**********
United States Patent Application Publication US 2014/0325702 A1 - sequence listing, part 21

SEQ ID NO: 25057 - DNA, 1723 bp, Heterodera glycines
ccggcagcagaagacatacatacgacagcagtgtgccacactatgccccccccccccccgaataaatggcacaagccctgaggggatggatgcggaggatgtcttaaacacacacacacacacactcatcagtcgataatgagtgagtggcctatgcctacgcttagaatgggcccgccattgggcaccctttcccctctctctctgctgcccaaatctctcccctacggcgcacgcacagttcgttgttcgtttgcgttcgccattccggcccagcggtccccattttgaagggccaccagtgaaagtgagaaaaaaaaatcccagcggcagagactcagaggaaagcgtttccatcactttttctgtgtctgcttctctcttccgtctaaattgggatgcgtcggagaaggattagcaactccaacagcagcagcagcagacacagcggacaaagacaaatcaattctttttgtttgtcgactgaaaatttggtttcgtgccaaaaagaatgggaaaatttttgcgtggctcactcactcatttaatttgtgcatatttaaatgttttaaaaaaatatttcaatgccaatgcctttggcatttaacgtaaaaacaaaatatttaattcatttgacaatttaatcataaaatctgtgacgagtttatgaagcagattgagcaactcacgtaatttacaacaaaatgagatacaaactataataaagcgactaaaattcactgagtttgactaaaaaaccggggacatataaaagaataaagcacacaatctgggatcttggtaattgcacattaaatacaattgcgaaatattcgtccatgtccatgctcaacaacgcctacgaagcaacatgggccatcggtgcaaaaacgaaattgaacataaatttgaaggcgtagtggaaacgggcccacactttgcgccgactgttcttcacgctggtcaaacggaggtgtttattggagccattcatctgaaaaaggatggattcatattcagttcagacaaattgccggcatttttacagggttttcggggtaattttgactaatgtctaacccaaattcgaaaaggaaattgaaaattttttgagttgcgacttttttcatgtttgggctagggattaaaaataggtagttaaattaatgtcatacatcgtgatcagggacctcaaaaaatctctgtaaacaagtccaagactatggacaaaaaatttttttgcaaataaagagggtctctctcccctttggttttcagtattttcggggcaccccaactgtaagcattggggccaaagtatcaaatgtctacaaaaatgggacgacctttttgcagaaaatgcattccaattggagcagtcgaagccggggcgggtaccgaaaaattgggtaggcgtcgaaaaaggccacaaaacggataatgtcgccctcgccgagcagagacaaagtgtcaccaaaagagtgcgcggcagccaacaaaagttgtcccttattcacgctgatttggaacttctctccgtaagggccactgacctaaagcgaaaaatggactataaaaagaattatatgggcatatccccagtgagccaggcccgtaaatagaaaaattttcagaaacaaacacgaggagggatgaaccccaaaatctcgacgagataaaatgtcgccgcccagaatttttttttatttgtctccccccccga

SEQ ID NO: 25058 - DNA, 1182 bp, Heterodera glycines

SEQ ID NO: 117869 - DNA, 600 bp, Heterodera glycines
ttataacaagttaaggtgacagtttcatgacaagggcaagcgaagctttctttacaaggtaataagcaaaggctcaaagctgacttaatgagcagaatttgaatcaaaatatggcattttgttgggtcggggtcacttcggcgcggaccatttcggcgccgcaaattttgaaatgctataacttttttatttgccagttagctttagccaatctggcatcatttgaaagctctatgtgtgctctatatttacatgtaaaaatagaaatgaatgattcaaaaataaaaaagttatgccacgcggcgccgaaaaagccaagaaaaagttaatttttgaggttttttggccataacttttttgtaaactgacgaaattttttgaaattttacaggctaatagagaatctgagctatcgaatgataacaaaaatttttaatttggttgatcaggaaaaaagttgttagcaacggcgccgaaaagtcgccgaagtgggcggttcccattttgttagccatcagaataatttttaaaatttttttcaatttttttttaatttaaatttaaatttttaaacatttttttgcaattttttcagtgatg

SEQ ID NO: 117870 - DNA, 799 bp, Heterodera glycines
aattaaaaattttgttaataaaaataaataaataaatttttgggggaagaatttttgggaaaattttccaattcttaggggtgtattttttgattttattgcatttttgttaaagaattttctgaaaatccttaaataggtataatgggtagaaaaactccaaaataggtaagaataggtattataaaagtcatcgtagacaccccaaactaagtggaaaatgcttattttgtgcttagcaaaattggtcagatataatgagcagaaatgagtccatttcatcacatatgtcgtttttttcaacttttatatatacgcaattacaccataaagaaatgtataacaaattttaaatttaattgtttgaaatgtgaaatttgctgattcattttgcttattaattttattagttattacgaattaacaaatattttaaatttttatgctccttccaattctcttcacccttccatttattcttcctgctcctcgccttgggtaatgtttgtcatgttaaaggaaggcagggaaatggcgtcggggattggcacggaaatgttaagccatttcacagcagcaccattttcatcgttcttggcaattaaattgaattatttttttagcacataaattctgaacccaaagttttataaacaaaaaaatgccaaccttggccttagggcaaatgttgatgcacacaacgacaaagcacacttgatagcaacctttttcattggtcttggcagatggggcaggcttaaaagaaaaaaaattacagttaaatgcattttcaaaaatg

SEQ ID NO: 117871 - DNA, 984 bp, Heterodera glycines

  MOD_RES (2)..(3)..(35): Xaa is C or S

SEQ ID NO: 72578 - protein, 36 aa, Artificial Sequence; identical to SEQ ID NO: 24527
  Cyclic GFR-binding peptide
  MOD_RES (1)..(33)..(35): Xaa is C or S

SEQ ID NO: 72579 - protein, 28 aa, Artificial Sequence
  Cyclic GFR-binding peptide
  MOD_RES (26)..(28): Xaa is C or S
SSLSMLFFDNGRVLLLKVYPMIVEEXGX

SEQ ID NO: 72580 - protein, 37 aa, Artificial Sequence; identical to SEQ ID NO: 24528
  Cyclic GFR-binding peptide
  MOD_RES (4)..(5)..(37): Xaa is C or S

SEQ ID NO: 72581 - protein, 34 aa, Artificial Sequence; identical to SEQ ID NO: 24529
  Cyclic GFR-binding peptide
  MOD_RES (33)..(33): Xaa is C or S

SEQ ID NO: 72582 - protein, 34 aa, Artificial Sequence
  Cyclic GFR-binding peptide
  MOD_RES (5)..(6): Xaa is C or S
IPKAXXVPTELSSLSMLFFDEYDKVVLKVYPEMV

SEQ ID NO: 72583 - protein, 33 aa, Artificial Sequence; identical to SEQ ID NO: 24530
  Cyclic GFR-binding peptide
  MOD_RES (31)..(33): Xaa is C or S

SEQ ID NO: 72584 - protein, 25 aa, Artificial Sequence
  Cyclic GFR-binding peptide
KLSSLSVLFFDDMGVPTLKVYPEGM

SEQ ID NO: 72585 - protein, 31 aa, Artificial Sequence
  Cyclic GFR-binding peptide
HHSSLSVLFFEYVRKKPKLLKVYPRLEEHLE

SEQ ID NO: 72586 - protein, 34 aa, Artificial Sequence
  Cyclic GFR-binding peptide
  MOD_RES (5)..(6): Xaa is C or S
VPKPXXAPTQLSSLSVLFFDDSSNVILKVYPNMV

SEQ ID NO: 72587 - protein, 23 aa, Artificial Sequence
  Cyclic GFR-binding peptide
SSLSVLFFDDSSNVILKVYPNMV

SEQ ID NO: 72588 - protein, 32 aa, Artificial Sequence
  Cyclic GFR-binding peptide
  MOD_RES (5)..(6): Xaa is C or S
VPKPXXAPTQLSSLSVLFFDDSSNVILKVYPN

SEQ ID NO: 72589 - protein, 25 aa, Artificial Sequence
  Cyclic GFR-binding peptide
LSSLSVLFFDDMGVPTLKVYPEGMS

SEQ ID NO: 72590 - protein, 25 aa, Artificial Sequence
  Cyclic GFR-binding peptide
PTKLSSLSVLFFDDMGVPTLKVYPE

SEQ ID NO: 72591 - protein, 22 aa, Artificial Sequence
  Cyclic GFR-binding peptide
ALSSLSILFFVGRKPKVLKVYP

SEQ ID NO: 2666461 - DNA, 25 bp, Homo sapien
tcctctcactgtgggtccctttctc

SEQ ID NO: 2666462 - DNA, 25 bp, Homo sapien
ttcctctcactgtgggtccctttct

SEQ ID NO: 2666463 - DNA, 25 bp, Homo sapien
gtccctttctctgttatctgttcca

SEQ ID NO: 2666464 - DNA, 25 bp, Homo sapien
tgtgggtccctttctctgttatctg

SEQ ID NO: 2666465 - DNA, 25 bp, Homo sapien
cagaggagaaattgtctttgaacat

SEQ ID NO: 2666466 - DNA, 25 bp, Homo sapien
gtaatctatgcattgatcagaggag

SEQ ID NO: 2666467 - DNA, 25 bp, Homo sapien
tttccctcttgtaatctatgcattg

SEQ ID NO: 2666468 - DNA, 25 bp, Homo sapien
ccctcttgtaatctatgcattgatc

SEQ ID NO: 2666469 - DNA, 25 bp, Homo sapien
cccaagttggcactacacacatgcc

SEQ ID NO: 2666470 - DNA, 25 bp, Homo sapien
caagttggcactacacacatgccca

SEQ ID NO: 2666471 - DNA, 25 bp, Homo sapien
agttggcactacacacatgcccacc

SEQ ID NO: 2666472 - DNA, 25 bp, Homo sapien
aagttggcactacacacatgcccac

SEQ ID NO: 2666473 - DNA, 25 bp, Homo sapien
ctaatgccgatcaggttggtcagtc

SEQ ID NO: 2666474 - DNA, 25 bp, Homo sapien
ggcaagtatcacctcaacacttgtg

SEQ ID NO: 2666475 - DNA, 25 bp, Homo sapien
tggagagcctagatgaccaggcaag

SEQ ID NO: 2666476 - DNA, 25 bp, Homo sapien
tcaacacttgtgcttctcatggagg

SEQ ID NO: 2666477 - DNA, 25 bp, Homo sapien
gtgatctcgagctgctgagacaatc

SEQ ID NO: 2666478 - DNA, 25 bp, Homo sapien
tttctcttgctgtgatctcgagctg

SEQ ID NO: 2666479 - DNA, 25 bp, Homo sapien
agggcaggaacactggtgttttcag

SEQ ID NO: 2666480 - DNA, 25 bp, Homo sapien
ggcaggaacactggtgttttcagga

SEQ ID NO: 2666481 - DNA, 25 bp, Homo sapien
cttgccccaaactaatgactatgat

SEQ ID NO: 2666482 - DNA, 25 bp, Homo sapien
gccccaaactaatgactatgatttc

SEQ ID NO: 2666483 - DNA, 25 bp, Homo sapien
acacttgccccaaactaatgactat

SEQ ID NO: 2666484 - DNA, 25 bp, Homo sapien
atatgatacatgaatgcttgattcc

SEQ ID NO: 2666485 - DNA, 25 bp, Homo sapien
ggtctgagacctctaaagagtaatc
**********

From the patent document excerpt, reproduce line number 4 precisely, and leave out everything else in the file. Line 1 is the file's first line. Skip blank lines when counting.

SEQ ID NO: 25058 - DNA, 1182 bp, Heterodera glycines